© 2024 Blaze Media LLC. All rights reserved.
After weekend bloodbath, Chicago police chief makes surprising admission about city's tough gun laws
The Willis Tower (formerly Sears Tower) rises above the city's skyline on November 8, 2013 in Chicago, Illinois. The building which stands 1,451 feet tall, not including the antennas, is waiting to learn if it will retain its title as the nation's tallest building or if it will have to pass the title to New York's newly constructed One World Trade Center which measures 1,368 feet without its decorative spire which adds another 408 feet making it 1776 feet tall. A decision from The Council on Tall Buildings and Urban Habitat, headquartered in Chicago, is expected soon. (Image source: Scott Olson/Getty Images)

After weekend bloodbath, Chicago police chief makes surprising admission about city's tough gun laws

The head of the Chicago Police Department is now admitting that more gun laws don't necessarily result in less gun violence because criminals don't "play by society's rules."

Chicago, a city run by Mayor Rahm Emanual, former White House chief of staff to President Barack Obama, reported double the number of killings throughout Christmas weekend this year than last year. At least 27 people were shot, 12 of them fatally, according to ABC News.

Chicago Police Superintendent Eddie Johnson said during a news conference on Monday that most of the shootings between Friday evening and Sunday evening were "targeted attacks" by gang members going after rival gang members who were gathered for Christmas and holiday parties. The Chicago Tribune reported 90 percent of those fatally shot were involved in gang activities, had criminal histories or were previously known to police.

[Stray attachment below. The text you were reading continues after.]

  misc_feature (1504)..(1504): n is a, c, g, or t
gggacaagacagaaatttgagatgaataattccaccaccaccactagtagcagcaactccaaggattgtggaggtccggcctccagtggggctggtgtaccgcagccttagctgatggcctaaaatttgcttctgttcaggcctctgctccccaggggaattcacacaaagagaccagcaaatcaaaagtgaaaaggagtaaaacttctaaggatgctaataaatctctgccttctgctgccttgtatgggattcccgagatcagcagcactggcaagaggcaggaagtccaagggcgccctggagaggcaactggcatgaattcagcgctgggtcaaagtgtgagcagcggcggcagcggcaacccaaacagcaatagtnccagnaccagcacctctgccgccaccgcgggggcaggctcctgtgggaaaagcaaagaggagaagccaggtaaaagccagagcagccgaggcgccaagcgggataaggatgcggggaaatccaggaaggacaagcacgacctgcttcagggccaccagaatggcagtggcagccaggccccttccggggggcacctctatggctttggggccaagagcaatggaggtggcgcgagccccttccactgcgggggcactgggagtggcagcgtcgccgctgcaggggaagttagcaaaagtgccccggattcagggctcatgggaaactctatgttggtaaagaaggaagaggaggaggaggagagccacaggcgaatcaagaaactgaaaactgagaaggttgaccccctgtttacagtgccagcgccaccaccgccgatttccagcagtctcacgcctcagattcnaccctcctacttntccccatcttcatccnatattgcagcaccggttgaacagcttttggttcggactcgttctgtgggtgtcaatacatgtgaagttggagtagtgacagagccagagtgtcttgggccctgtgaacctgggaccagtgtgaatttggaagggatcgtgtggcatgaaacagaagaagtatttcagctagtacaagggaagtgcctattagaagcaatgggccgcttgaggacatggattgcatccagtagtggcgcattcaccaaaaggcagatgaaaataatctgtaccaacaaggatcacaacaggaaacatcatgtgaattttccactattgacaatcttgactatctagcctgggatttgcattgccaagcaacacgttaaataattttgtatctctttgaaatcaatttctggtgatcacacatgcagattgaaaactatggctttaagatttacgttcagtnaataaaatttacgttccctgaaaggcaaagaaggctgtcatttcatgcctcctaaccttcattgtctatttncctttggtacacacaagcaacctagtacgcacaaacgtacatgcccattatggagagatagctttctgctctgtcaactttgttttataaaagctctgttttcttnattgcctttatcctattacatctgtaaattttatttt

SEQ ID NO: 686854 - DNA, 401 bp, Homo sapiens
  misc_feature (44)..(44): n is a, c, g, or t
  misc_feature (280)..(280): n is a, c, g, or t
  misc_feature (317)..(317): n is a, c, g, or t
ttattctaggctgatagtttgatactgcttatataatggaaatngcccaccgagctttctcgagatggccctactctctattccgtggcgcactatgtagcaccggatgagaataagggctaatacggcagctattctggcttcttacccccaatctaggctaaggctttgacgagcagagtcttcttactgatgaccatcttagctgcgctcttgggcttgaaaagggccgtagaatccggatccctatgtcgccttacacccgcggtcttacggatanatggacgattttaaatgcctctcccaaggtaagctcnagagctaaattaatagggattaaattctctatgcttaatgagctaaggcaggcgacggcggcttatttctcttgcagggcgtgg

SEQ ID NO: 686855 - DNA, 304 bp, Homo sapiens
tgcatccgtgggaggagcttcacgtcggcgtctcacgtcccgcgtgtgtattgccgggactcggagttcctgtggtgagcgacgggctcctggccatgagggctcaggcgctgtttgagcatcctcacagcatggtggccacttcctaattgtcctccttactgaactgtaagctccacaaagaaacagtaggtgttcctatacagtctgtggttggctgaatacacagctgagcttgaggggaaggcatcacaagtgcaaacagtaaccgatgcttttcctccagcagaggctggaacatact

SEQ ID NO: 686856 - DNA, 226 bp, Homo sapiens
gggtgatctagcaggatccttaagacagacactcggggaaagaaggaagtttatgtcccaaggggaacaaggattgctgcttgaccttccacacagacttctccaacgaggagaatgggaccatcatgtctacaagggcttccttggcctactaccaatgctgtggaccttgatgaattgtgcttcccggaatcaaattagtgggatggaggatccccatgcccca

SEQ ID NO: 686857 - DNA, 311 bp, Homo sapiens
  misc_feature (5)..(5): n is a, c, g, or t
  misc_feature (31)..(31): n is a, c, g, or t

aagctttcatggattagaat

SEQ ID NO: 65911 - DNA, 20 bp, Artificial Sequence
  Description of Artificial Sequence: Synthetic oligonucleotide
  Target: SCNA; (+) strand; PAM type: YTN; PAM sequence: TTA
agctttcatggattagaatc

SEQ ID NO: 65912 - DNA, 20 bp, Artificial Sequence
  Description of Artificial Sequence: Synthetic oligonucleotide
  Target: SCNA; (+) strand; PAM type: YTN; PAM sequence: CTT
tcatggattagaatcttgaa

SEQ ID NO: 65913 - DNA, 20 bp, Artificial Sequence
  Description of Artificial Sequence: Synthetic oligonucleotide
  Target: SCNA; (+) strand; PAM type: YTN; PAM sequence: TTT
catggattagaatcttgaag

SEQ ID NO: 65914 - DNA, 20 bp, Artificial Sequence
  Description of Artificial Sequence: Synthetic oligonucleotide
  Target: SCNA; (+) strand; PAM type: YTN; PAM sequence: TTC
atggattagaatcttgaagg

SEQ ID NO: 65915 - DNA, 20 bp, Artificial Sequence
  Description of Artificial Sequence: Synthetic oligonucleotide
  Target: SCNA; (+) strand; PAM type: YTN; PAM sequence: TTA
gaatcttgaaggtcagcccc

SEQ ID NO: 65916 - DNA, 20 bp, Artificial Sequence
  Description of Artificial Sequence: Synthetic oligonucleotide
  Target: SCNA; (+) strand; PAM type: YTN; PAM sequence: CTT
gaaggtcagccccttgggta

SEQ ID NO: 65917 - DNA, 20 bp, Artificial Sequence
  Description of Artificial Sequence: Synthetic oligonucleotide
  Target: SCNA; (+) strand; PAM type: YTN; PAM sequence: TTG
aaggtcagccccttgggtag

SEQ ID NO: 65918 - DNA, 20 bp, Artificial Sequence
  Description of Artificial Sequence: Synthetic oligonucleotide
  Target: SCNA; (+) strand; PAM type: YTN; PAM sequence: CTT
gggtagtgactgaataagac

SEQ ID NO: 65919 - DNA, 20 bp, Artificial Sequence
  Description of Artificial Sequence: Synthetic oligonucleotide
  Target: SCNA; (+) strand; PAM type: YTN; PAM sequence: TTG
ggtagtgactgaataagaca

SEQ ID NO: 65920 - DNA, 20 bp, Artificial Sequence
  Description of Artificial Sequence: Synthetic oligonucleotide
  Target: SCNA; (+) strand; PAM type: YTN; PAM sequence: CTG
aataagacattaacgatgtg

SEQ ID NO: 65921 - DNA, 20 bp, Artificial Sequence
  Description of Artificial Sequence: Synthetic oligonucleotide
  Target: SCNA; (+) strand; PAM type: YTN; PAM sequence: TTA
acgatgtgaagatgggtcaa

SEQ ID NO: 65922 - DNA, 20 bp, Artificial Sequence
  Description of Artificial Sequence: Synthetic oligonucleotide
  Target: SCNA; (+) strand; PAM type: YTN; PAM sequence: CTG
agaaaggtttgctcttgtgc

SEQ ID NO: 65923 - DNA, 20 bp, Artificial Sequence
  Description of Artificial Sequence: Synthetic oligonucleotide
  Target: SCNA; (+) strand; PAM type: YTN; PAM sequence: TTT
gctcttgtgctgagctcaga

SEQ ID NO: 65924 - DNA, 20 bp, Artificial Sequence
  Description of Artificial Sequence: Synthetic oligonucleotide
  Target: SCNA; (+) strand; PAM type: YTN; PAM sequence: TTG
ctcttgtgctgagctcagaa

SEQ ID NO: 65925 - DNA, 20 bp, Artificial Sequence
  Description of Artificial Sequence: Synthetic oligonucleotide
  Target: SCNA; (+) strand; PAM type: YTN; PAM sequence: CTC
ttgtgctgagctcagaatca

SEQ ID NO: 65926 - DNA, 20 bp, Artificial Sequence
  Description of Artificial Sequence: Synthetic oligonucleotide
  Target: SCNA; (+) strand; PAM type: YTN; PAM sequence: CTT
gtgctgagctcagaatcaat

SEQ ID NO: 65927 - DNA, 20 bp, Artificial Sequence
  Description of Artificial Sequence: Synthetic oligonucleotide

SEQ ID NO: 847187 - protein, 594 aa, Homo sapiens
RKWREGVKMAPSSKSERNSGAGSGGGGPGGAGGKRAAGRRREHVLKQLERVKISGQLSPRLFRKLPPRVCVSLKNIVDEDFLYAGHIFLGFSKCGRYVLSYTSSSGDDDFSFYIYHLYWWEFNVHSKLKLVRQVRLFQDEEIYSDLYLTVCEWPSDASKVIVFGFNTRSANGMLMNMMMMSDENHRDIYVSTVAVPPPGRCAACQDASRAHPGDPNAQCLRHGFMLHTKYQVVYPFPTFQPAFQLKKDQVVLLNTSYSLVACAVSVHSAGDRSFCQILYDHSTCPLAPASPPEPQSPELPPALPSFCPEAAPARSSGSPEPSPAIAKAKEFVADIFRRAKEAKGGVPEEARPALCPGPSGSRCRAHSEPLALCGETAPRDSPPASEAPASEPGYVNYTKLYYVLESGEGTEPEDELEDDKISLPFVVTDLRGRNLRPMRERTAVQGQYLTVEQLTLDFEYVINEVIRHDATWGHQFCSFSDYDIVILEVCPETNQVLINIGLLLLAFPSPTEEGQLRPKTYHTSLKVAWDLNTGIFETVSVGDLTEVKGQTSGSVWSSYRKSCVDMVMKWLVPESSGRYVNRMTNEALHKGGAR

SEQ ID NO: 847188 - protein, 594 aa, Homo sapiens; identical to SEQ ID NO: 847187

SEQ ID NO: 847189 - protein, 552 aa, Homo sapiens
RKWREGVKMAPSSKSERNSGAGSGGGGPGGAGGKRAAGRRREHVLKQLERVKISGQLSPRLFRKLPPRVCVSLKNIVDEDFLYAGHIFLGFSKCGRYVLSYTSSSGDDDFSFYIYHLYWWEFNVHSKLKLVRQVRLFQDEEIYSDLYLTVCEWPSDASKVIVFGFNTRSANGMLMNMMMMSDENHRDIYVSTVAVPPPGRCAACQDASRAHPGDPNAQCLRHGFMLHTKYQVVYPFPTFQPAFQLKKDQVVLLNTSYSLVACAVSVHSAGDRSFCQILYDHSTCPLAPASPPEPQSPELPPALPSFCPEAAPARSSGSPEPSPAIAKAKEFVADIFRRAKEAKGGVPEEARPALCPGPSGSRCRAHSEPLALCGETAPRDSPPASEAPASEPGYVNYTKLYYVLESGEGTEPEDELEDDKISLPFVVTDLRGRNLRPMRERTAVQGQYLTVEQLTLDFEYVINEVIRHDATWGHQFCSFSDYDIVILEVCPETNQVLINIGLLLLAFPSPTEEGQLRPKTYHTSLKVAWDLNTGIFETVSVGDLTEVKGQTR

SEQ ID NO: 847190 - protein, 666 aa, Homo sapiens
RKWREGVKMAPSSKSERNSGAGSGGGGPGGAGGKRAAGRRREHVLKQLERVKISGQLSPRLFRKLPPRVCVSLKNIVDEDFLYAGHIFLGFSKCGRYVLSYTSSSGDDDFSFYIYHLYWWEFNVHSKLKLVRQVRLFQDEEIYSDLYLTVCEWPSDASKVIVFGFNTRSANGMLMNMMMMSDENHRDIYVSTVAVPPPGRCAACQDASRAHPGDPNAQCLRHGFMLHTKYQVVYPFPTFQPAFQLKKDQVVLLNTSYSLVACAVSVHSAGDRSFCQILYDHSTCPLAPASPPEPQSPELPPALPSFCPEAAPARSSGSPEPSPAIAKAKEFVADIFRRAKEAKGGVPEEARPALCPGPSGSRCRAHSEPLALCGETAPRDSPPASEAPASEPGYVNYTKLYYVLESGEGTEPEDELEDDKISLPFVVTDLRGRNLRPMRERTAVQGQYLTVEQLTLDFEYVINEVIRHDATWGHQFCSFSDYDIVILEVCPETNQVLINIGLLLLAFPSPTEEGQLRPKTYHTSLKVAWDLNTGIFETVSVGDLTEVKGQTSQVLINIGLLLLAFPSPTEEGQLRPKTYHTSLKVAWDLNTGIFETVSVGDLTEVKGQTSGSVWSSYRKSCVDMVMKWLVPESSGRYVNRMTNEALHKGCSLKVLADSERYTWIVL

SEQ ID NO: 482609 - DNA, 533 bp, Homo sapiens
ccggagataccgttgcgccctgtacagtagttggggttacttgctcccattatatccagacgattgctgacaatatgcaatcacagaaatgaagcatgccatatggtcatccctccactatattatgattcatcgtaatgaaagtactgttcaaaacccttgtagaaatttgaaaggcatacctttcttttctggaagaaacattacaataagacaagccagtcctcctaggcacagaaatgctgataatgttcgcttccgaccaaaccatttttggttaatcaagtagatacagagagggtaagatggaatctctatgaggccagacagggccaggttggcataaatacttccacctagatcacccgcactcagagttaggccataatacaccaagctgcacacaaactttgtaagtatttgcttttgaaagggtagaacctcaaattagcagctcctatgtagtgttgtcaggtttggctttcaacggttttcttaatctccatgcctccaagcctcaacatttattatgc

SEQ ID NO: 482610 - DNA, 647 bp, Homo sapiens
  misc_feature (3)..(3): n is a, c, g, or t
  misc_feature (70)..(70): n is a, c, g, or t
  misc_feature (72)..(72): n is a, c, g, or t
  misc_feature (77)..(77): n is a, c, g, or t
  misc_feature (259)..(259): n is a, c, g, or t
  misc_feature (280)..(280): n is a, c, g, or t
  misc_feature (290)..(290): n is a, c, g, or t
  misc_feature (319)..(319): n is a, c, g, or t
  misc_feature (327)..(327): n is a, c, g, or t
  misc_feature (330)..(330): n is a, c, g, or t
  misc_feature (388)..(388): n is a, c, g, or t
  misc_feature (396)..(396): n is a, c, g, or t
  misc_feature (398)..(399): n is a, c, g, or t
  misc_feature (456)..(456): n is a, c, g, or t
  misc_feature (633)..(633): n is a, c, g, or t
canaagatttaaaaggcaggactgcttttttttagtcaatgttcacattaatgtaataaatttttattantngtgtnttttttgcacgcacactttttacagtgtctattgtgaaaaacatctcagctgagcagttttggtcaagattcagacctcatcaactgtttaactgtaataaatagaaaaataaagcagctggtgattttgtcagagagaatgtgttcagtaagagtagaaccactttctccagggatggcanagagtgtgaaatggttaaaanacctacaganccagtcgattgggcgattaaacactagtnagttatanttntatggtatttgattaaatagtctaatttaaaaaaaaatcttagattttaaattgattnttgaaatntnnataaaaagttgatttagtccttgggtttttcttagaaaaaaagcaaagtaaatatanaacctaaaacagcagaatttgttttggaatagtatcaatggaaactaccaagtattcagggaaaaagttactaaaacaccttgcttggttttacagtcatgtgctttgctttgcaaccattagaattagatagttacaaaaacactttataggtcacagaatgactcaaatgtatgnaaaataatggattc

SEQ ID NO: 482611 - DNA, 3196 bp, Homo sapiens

The deaths bring to more than 750 the number of gun-related deaths in Chicago just this year. As ABC News also noted, it's the first time in more than two decades that Chicago has seen more than 700 people die in a single year as a result of gun violence.

As TheBlaze has reported multiple times, Chicago has among the nation's most restrictive gun laws. But as Johnson acknowledged at his Monday press conference, repeat gun violence offenders don't often don't obey those laws.

"These gun offenders have repeatedly shown us that they're not going to play by society's rules," the police superintendent told WLS-TV.

As a result, Johnson is now calling for repeat offenders to face tougher penalties for crimes they commit.

(H/T: New York Times)

Want to leave a tip?

We answer to you. Help keep our content free of advertisers and big tech censorship by leaving a tip today.
Want to join the conversation?
Already a subscriber?